Physical Therapy for Chronic Pain

Reviewed by Steven Richeimer, MD

You hear that you're supposed to stay active through your chronic pain and you think—'But how? Most activities make my pain worse! Sometimes, just getting through the day at work is agony, and now the doctor expects me to do extra activities after work?' This is where a physical therapist can help. He or she can give you a personalized strengthening and exercise plan, in addition to helping you learn how to manage your "daily life" pain.
Physical Therapy is Personalized
Chronic pain comes in many forms, so effectively treating your pain requires a plan just for you. The physical therapist will do a detailed physical evaluation to assess your chronic pain and its effect on your life. He or she will also ask about your treatment goals: do you want to learn how to better manage your pain at the office? Are you eager to start exercising but feel your pain is limiting that? What would be most helpful to learn in physical therapy?

Using that information, the physical therapist will develop a therapy plan for you.

Physical Therapy is Passive and Active
Physical therapy includes both passive and active treatments. Passive treatments help to relax you and your body. They're called passive because you don't have to actively participate.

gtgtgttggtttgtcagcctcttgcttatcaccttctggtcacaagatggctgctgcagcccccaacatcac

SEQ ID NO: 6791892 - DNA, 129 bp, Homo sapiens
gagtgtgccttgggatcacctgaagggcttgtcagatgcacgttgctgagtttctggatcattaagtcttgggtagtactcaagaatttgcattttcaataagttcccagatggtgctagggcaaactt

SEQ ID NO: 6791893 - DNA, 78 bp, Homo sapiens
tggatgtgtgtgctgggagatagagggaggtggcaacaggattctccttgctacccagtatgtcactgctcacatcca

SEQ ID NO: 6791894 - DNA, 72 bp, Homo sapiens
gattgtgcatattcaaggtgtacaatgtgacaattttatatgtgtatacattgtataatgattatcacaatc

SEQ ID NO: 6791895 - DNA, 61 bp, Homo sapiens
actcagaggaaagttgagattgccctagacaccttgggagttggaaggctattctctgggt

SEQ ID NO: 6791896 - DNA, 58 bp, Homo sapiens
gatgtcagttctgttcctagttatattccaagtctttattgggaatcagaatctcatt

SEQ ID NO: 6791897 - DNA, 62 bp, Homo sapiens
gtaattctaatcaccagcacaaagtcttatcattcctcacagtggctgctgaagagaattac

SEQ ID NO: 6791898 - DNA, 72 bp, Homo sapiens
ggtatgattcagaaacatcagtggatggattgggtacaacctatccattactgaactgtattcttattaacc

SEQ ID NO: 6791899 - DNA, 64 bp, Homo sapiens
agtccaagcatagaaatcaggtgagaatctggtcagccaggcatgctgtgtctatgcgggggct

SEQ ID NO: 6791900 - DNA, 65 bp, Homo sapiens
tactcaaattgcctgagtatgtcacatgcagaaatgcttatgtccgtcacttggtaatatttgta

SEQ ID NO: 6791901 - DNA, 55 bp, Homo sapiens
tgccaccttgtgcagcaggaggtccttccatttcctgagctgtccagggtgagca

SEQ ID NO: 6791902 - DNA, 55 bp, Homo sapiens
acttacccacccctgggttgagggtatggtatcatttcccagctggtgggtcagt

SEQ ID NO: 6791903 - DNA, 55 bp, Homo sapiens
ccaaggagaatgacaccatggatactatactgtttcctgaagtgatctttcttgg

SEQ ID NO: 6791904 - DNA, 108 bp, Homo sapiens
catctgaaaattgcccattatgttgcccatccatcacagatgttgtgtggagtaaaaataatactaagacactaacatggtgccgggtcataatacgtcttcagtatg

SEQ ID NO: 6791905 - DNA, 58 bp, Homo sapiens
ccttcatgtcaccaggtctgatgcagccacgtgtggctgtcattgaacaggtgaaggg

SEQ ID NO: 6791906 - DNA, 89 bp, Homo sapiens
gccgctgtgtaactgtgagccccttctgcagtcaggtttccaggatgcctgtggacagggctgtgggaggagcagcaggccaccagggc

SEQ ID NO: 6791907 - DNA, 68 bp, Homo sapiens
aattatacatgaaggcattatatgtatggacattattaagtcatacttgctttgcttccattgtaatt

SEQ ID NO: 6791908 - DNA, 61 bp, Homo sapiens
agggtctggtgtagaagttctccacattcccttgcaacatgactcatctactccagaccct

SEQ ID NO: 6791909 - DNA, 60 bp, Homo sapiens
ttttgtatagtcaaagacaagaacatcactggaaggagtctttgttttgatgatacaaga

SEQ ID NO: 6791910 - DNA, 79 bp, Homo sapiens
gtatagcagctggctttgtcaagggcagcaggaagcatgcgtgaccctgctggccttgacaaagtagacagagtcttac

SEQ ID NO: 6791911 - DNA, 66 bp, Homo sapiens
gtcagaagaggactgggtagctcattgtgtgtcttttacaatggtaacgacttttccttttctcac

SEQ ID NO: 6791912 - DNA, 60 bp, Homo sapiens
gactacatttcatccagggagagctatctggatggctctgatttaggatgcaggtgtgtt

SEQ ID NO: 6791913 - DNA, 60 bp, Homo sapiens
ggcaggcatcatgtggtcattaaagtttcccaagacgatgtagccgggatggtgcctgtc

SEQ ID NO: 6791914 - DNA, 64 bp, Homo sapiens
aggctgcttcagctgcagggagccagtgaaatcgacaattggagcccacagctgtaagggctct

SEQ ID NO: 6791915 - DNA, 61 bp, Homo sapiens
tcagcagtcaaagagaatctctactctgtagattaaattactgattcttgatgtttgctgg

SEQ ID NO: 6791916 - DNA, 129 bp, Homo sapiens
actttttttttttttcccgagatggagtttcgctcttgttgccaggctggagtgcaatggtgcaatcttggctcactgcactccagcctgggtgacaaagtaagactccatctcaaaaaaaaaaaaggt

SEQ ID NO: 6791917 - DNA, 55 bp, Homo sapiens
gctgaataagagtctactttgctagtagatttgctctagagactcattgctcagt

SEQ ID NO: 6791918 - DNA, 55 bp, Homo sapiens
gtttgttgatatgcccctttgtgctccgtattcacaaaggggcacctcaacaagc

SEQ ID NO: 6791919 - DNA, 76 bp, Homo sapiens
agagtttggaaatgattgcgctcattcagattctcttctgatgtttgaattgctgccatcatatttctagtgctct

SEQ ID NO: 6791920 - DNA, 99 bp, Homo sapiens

Your physical therapy program may start with passive treatments, but the goal is to get into active treatments. These are therapeutic exercises that strengthen your body and help you deal with the chronic pain.

Passive physical therapy treatments include:

Passive therapies, such as those listed above, are generally done in conjunction with active therapies. In the active part of physical therapy, your therapist will teach you various exercises to improve your flexibility, strength, core stability, and range of motion (how easily your joints move).

Remember: Your physical therapy program is individualized, taking into consideration your health and history. Your exercises may not be suitable for another person with chronic pain, especially since chronic pain is such a subjective, personal experience.

Other Aspects of Physical Therapy
If needed, you will learn how to correct your posture and incorporate ergonomic principles into your daily activities. This is all part of the "self-care" or "self-treatment" aspect of physical therapy: through physical therapy, you learn good habits and principles that enable you to take better care of your body.

Your physical therapist may also suggest a personalized exercise program for you. As you can read in the Exercise and Chronic Pain article, staying active is an important part of chronic pain treatment. The physical therapist can help you figure out the best type of exercise for you.

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